The days where you do want home cooked; there is nothing more homely on a dreary autumn day than roasting a chicken, peeling potatoes and spending an afternoon in the kitchen filling your house up with the smell of memories. That sense of familiarity is about as big an escape from continental life as you can get.
Fortunately for me, I never really had a lot of friends and in the summer everybody seems to disappear. Perhaps it’s on holidays, family BBQ’s or working long hours. Or so they tell me. I have my suspicion that the real reason we all disappear is that there is little to no sports on TV and if we did get together that would mean we would have to make actual conversation.
So, the coming of autumn helpfully coincides with the start of the soccer season, you generally begin to hear from your friends again who want to escape the house now that the days are grey and rainy causing their families to be holed up inside creating a stir craziness that is best cured by sitting in what is essentially someone else’s mutual large living room at a pub.
Sports on TV
Living in a foreign country and not speaking the language you become a slave to Netflix. There are plenty of sports on TV in the summer but none that anyone really watches, take Tennis for example, name one person who puts time aside out of their diary to watch the tennis? So that leaves, Cricket, Cycling and um, well that’s it really.
Autumn in England signals the start of the football and rugby seasons and every shot, pass and tackle will be televised and replayed so heavily that eventually you will have memorized the entire commentary.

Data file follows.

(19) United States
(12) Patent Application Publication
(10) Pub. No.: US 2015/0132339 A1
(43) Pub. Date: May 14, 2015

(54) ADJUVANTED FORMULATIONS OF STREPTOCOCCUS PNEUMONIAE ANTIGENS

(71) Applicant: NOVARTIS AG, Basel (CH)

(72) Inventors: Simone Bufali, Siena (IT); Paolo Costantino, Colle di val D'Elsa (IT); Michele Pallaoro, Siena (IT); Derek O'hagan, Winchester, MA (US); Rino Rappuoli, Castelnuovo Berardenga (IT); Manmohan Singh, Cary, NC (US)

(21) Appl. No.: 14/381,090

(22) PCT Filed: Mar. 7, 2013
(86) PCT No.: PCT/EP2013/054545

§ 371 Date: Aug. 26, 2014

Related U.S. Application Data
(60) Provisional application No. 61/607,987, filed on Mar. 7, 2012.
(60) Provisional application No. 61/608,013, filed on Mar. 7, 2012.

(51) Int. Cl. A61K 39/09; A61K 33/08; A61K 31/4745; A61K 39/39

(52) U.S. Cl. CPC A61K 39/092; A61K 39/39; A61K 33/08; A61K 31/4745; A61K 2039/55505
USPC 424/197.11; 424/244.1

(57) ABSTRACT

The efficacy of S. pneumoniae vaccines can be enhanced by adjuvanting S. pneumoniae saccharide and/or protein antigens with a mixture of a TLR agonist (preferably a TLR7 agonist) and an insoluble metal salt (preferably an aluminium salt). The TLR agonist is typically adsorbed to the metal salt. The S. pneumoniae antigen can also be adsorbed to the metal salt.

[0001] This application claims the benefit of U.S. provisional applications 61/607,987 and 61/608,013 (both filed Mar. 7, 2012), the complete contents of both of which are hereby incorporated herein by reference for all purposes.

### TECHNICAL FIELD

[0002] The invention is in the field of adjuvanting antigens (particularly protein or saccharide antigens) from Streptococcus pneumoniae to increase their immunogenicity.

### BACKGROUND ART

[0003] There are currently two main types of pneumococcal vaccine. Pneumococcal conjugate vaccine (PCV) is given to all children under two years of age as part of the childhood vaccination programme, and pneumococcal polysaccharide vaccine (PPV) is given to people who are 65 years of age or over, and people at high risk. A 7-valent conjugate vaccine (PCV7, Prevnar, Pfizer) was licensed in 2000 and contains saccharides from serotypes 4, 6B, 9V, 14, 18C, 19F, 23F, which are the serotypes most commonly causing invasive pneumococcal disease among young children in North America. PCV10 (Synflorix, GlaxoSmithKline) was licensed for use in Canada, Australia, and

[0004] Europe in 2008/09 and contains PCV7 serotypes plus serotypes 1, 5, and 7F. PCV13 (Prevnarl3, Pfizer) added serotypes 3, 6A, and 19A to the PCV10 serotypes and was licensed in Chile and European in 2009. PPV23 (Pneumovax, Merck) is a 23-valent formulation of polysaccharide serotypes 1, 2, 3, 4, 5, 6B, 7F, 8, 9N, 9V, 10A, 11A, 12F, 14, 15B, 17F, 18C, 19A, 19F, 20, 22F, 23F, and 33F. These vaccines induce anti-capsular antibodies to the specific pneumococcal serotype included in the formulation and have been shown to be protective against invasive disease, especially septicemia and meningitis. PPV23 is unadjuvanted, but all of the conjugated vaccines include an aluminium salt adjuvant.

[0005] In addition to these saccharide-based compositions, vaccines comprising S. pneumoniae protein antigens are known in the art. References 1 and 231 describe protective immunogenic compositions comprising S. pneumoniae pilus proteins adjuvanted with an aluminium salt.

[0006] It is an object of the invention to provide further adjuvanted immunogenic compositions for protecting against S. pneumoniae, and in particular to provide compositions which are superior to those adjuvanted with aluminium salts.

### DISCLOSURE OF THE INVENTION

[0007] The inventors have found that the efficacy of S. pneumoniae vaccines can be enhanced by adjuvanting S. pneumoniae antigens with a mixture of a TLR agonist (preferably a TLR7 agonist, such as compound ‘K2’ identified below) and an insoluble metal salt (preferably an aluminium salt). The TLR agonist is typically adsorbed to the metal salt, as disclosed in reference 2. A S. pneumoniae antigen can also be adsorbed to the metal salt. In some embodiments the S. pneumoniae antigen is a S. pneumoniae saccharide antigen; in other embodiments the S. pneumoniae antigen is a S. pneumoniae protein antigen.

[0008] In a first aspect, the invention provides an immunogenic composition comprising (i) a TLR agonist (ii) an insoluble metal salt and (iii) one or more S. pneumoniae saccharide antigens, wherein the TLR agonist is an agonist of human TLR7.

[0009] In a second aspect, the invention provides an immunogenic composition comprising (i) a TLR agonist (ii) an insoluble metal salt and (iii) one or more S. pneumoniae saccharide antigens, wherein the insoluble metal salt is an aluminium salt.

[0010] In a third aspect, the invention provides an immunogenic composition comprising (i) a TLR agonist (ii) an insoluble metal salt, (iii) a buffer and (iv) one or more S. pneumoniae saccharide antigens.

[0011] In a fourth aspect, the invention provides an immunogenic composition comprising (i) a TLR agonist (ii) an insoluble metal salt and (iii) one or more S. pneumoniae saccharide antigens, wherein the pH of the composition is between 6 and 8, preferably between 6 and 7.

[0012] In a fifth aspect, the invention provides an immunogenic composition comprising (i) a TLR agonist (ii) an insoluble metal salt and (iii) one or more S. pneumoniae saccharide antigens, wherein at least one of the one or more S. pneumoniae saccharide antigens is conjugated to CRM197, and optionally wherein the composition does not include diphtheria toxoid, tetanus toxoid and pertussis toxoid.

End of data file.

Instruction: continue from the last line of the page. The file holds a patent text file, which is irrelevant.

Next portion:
What I also enjoy about autumn back home is the pace of life. The days are not so hot, bright and sunny that you feel compelled to get up and go and explore. The only reason I get up in the summer is due to an overwhelming sense of guilt and paranoia, that by being in bed I am missing out on something.
At home in this season though, when the mornings are darker it is perfectly acceptable to laze in bed until midday, safe in the knowledge that it is raining too hard and it’s too cold outside to do anything. You also know for a fact that all of your friends are doing the exact same thing. When you are lying in on a Sunday at home in autumn, you are not missing out on anything. Quite the contrary, you are doing the very thing you should absolutely be doing.
Described as a feeling of pensive sadness, typically with no obvious cause, it is a familiar feeling that autumn really brings it out. For me I begin to feel reflective and melancholic as the nights draw in, the blue skies replaced by grey, the leaves that make everything so virile and fresh, replaced with the naked torsos of trees and bushes alike.
Melancholy is actually not always unwelcome, but after a while you need to shake it off. This is a harder feeling to escape in a foreign land however, because when those “today I feel sad” days come on, you can’t immediately indulge your melancholy by feeding it the familiar; by catching a football game at a pub, cooking up some comfort food, or by going to your favorite store to buy some new scarves.
Living in a new and pleasantly unfamiliar land, it’s that little bit harder to slip out of, therefore in order for you to enjoy your melancholy, it might pay to have a healthy does of autumn at home.